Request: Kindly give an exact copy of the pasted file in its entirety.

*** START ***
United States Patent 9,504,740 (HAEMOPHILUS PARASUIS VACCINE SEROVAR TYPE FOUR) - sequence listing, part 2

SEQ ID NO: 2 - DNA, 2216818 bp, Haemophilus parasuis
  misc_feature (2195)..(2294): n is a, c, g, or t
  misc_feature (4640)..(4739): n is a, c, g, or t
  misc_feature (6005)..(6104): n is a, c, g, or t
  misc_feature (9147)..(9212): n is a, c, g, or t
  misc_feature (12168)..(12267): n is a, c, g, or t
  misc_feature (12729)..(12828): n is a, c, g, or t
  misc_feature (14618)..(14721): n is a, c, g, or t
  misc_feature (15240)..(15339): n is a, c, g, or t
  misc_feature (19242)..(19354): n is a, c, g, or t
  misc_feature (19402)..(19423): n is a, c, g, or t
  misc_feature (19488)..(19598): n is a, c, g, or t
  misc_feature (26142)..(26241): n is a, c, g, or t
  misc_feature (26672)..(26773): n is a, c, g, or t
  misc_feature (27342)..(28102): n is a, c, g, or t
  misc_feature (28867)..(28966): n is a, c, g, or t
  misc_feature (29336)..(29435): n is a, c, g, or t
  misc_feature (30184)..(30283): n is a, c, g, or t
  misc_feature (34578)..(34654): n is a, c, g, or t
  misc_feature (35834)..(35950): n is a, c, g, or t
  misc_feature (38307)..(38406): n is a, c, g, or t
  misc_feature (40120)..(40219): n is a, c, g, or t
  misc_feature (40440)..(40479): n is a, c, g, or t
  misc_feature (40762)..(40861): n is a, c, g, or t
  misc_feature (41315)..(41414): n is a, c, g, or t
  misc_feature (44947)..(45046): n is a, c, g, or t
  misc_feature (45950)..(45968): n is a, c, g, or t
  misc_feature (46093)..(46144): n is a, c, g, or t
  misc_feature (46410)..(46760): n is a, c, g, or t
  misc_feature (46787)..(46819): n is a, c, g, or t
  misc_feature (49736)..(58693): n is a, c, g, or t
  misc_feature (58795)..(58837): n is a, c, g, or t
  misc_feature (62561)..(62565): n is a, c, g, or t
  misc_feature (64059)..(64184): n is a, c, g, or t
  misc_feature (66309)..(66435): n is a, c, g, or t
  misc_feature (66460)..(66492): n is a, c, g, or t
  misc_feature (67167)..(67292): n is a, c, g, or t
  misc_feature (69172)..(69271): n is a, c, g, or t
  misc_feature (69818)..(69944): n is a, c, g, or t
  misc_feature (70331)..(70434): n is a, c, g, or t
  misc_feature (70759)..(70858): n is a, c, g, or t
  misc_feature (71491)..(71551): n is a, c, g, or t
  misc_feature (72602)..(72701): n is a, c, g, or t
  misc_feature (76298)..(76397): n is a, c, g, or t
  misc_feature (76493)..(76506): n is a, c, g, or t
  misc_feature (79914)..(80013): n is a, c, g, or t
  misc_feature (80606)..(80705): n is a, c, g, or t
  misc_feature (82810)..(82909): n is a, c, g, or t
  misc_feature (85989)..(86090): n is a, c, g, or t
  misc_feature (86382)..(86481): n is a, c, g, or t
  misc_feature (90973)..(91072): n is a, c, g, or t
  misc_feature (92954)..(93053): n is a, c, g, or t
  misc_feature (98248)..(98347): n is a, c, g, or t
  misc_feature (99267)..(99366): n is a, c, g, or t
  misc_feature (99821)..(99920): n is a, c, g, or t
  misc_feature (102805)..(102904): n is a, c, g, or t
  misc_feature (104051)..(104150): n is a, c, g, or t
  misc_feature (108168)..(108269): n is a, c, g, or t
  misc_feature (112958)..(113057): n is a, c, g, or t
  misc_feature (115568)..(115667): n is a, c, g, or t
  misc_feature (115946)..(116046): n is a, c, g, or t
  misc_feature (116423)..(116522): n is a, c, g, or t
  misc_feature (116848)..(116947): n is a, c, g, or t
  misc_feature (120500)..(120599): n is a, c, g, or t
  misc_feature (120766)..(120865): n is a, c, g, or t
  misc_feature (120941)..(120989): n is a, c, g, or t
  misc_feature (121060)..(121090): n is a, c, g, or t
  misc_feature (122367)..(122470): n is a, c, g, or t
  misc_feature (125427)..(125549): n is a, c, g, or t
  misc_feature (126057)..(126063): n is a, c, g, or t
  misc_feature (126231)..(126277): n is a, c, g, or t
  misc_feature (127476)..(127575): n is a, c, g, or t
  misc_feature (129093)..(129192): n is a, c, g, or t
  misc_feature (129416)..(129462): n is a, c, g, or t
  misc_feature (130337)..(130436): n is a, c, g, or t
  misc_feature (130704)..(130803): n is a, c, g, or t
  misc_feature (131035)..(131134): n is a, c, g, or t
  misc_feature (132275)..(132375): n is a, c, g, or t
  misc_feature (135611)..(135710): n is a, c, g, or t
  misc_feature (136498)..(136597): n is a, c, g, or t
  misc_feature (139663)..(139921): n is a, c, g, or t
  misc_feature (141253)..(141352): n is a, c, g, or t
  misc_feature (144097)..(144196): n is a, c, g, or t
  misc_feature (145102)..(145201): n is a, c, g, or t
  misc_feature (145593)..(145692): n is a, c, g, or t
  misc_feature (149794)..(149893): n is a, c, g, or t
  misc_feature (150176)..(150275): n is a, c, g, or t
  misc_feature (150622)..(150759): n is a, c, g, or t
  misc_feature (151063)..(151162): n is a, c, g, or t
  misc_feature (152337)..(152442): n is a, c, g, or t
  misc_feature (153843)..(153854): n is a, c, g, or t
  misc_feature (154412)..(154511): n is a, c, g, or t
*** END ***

United States Patent 9,504,740 (HAEMOPHILUS PARASUIS VACCINE SEROVAR TYPE FOUR) - sequence listing, part 2

SEQ ID NO: 2 - DNA, 2216818 bp, Haemophilus parasuis
  misc_feature (2195)..(2294): n is a, c, g, or t
  misc_feature (4640)..(4739): n is a, c, g, or t
  misc_feature (6005)..(6104): n is a, c, g, or t
  misc_feature (9147)..(9212): n is a, c, g, or t
  misc_feature (12168)..(12267): n is a, c, g, or t
  misc_feature (12729)..(12828): n is a, c, g, or t
  misc_feature (14618)..(14721): n is a, c, g, or t
  misc_feature (15240)..(15339): n is a, c, g, or t
  misc_feature (19242)..(19354): n is a, c, g, or t
  misc_feature (19402)..(19423): n is a, c, g, or t
  misc_feature (19488)..(19598): n is a, c, g, or t
  misc_feature (26142)..(26241): n is a, c, g, or t
  misc_feature (26672)..(26773): n is a, c, g, or t
  misc_feature (27342)..(28102): n is a, c, g, or t
  misc_feature (28867)..(28966): n is a, c, g, or t
  misc_feature (29336)..(29435): n is a, c, g, or t
  misc_feature (30184)..(30283): n is a, c, g, or t
  misc_feature (34578)..(34654): n is a, c, g, or t
  misc_feature (35834)..(35950): n is a, c, g, or t
  misc_feature (38307)..(38406): n is a, c, g, or t
  misc_feature (40120)..(40219): n is a, c, g, or t
  misc_feature (40440)..(40479): n is a, c, g, or t
  misc_feature (40762)..(40861): n is a, c, g, or t
  misc_feature (41315)..(41414): n is a, c, g, or t
  misc_feature (44947)..(45046): n is a, c, g, or t
  misc_feature (45950)..(45968): n is a, c, g, or t
  misc_feature (46093)..(46144): n is a, c, g, or t
  misc_feature (46410)..(46760): n is a, c, g, or t
  misc_feature (46787)..(46819): n is a, c, g, or t
  misc_feature (49736)..(58693): n is a, c, g, or t
  misc_feature (58795)..(58837): n is a, c, g, or t
  misc_feature (62561)..(62565): n is a, c, g, or t
  misc_feature (64059)..(64184): n is a, c, g, or t
  misc_feature (66309)..(66435): n is a, c, g, or t
  misc_feature (66460)..(66492): n is a, c, g, or t
  misc_feature (67167)..(67292): n is a, c, g, or t
  misc_feature (69172)..(69271): n is a, c, g, or t
  misc_feature (69818)..(69944): n is a, c, g, or t
  misc_feature (70331)..(70434): n is a, c, g, or t
  misc_feature (70759)..(70858): n is a, c, g, or t
  misc_feature (71491)..(71551): n is a, c, g, or t
  misc_feature (72602)..(72701): n is a, c, g, or t
  misc_feature (76298)..(76397): n is a, c, g, or t
  misc_feature (76493)..(76506): n is a, c, g, or t
  misc_feature (79914)..(80013): n is a, c, g, or t
  misc_feature (80606)..(80705): n is a, c, g, or t
  misc_feature (82810)..(82909): n is a, c, g, or t
  misc_feature (85989)..(86090): n is a, c, g, or t
  misc_feature (86382)..(86481): n is a, c, g, or t
  misc_feature (90973)..(91072): n is a, c, g, or t
  misc_feature (92954)..(93053): n is a, c, g, or t
  misc_feature (98248)..(98347): n is a, c, g, or t
  misc_feature (99267)..(99366): n is a, c, g, or t
  misc_feature (99821)..(99920): n is a, c, g, or t
  misc_feature (102805)..(102904): n is a, c, g, or t
  misc_feature (104051)..(104150): n is a, c, g, or t
  misc_feature (108168)..(108269): n is a, c, g, or t
  misc_feature (112958)..(113057): n is a, c, g, or t
  misc_feature (115568)..(115667): n is a, c, g, or t
  misc_feature (115946)..(116046): n is a, c, g, or t
  misc_feature (116423)..(116522): n is a, c, g, or t
  misc_feature (116848)..(116947): n is a, c, g, or t
  misc_feature (120500)..(120599): n is a, c, g, or t
  misc_feature (120766)..(120865): n is a, c, g, or t
  misc_feature (120941)..(120989): n is a, c, g, or t
  misc_feature (121060)..(121090): n is a, c, g, or t
  misc_feature (122367)..(122470): n is a, c, g, or t
  misc_feature (125427)..(125549): n is a, c, g, or t
  misc_feature (126057)..(126063): n is a, c, g, or t
  misc_feature (126231)..(126277): n is a, c, g, or t
  misc_feature (127476)..(127575): n is a, c, g, or t
  misc_feature (129093)..(129192): n is a, c, g, or t
  misc_feature (129416)..(129462): n is a, c, g, or t
  misc_feature (130337)..(130436): n is a, c, g, or t
  misc_feature (130704)..(130803): n is a, c, g, or t
  misc_feature (131035)..(131134): n is a, c, g, or t
  misc_feature (132275)..(132375): n is a, c, g, or t
  misc_feature (135611)..(135710): n is a, c, g, or t
  misc_feature (136498)..(136597): n is a, c, g, or t
  misc_feature (139663)..(139921): n is a, c, g, or t
  misc_feature (141253)..(141352): n is a, c, g, or t
  misc_feature (144097)..(144196): n is a, c, g, or t
  misc_feature (145102)..(145201): n is a, c, g, or t
  misc_feature (145593)..(145692): n is a, c, g, or t
  misc_feature (149794)..(149893): n is a, c, g, or t
  misc_feature (150176)..(150275): n is a, c, g, or t
  misc_feature (150622)..(150759): n is a, c, g, or t
  misc_feature (151063)..(151162): n is a, c, g, or t
  misc_feature (152337)..(152442): n is a, c, g, or t
  misc_feature (153843)..(153854): n is a, c, g, or t
  misc_feature (154412)..(154511): n is a, c, g, or t